Ted Williams: Golden-Voiced Ohio Beggar Reportedly Now in Texas Rehab

In a sadly predictable story, it seems like for Ted Williams, the Ohio beggar with the golden voice, his Internet super-celebrity proved to be too much, too soon. Now informed speculation has it that the 53-year-old former soul radio DJ will be a temporary Texan, thanks to a three-month stay in a South Padre Island rehab facility courtesy of Dr. Phil.

While doing his victory lap of interviews in Los Angeles last week, Williams stumbled. Not even 8,994,984 YouTube views could tear him free from the clutches of the demons that put him on that godforsaken freeway off-ramp corner with a cardboard sign in his hand.

A verbal altercation with his adult daughter, with whom he had allegedly been drinking, led to police being called to their glitzy hotel. Though no charges were filed, the two publicly aired their dirty laundry the next day, and Williams admitted his backslide to Dr. Phil. And during their interview, it also became apparent that Williams's claim of having been sober for the previous two years might have been greatly exaggerated. That was when the elephantine Oprah protégé apparently persuaded Williams to check into South Padre's Origins Recovery Center.

After a short trip back to Ohio to visit family, Williams was set to enter rehab. (He may have already done so, but citing medical privacy laws, Origins refused a reporter's request to confirm or deny if Williams was a patient.) While a rehab center smack-dab in the middle of South Padre's party-hearty shenanigans seems incongruous, the center's own literature says its beachfront location is a strength, and that they are very resolute about what they do. "This may be paradise, but it is no vacation -- we're extremely serious about sobriety," says one of the center's program directors.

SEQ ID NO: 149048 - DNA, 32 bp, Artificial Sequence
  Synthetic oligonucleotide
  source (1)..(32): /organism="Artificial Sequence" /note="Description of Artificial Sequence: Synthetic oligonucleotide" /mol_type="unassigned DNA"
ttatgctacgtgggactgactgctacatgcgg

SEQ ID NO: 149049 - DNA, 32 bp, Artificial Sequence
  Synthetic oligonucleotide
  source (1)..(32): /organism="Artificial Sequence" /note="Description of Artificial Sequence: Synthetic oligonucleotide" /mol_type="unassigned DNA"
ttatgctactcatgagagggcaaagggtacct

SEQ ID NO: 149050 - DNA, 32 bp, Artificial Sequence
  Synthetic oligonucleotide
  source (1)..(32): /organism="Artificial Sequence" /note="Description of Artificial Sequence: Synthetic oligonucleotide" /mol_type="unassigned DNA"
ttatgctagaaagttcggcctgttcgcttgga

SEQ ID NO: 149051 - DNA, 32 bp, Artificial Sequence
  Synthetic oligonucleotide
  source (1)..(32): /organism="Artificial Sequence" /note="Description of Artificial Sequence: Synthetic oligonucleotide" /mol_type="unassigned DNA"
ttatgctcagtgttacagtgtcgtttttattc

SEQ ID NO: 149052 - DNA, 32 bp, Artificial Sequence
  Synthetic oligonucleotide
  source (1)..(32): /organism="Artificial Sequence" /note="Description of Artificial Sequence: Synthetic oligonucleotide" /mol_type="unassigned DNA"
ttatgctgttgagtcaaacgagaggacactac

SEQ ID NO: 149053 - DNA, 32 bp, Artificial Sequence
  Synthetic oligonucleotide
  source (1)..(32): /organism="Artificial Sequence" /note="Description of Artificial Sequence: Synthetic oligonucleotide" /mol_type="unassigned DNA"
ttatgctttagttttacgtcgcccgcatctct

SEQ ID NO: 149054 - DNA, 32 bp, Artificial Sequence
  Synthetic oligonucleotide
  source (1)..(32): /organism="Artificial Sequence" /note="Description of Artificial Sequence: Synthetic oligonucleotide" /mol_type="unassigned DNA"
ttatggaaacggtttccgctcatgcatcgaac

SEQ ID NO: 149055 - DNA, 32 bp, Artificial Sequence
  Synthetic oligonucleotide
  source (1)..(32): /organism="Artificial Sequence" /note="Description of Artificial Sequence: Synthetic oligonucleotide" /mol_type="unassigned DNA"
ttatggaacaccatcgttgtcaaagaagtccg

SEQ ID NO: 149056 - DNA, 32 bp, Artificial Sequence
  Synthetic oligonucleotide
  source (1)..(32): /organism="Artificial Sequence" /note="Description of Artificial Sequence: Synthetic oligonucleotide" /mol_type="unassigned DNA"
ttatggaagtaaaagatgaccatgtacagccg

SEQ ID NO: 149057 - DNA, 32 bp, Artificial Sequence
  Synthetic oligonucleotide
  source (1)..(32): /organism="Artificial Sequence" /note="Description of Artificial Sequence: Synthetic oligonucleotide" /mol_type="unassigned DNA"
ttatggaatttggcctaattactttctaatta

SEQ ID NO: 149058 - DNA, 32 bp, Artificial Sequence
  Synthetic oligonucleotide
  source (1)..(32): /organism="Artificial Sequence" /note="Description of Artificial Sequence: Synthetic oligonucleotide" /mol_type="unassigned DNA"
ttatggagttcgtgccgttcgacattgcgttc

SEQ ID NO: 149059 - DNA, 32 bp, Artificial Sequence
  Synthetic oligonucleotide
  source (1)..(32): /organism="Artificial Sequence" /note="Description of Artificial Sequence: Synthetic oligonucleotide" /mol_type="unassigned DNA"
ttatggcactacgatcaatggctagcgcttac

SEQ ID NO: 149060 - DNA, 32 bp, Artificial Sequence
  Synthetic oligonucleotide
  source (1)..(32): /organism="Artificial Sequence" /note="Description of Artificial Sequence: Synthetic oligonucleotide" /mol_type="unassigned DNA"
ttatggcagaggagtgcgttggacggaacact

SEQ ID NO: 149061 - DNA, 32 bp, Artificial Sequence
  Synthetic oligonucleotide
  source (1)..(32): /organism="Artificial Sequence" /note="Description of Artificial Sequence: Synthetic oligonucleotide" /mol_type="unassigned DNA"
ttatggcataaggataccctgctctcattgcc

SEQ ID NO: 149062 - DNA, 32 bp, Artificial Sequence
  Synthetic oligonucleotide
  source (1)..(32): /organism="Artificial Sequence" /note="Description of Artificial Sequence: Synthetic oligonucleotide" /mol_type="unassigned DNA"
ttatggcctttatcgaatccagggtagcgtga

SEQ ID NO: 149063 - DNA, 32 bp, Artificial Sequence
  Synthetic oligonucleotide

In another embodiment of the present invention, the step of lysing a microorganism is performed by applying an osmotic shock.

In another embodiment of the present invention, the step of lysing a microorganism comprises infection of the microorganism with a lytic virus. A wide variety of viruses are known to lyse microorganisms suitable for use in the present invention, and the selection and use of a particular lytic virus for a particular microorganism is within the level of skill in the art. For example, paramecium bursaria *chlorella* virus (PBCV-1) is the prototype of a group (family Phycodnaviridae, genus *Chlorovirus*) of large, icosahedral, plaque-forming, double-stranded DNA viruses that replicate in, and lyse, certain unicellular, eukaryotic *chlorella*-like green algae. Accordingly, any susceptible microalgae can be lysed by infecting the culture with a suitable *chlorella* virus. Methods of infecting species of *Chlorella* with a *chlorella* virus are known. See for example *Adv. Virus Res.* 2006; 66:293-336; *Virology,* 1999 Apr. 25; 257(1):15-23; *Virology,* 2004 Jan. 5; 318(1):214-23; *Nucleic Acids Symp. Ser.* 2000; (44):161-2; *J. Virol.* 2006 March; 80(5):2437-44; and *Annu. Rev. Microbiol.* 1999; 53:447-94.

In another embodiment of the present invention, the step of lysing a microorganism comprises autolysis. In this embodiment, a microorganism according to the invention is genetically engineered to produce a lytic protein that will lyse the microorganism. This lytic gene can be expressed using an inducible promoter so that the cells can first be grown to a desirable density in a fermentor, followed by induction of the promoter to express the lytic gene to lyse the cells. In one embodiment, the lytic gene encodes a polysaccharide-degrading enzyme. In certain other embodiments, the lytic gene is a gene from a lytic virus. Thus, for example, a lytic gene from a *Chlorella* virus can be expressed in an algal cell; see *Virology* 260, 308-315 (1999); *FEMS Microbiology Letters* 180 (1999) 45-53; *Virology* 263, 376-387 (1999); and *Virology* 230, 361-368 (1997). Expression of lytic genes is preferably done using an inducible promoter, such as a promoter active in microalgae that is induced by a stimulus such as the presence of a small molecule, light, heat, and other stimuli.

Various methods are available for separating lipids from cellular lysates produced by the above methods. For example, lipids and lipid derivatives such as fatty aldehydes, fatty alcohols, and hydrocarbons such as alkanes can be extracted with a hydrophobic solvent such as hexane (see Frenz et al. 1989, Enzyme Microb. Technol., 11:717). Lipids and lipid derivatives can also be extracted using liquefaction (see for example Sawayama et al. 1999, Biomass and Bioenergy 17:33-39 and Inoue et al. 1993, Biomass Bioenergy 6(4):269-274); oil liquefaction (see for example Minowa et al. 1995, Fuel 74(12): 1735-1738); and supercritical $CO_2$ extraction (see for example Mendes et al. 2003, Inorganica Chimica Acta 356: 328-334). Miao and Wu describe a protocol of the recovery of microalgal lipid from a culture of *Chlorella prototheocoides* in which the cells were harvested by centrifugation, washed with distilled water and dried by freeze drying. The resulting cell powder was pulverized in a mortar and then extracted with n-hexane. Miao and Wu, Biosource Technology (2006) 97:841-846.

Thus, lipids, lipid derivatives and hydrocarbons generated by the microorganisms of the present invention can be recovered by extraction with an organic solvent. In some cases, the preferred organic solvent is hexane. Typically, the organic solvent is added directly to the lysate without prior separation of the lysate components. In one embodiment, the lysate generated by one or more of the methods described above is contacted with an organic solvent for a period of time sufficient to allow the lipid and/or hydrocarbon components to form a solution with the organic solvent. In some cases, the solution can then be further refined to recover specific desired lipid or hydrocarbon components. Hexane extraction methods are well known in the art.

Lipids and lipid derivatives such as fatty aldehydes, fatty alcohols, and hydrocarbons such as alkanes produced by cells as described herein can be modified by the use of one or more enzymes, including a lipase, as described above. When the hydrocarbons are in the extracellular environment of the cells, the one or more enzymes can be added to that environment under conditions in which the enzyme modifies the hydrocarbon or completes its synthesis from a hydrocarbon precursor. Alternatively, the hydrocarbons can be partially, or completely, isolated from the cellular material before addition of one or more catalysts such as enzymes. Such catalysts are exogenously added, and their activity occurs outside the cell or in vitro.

Late last week, his second chance all but squandered, his new gigs with the Cleveland Cavaliers and Kraft Foods slipping away, Williams asked the country for one more chance. "I'm going to get well. All I ask is that you don't forget me, please."

KEEP THE HOUSTON PRESS FREE... Since we started the Houston Press, it has been defined as the free, independent voice of Houston, and we'd like to keep it that way. With local media under siege, it's more important than ever for us to rally support behind funding our local journalism. You can help by participating in our "I Support" program, allowing us to keep offering readers access to our incisive coverage of local news, food and culture with no paywalls.
John Nova Lomax
Contact: John Nova Lomax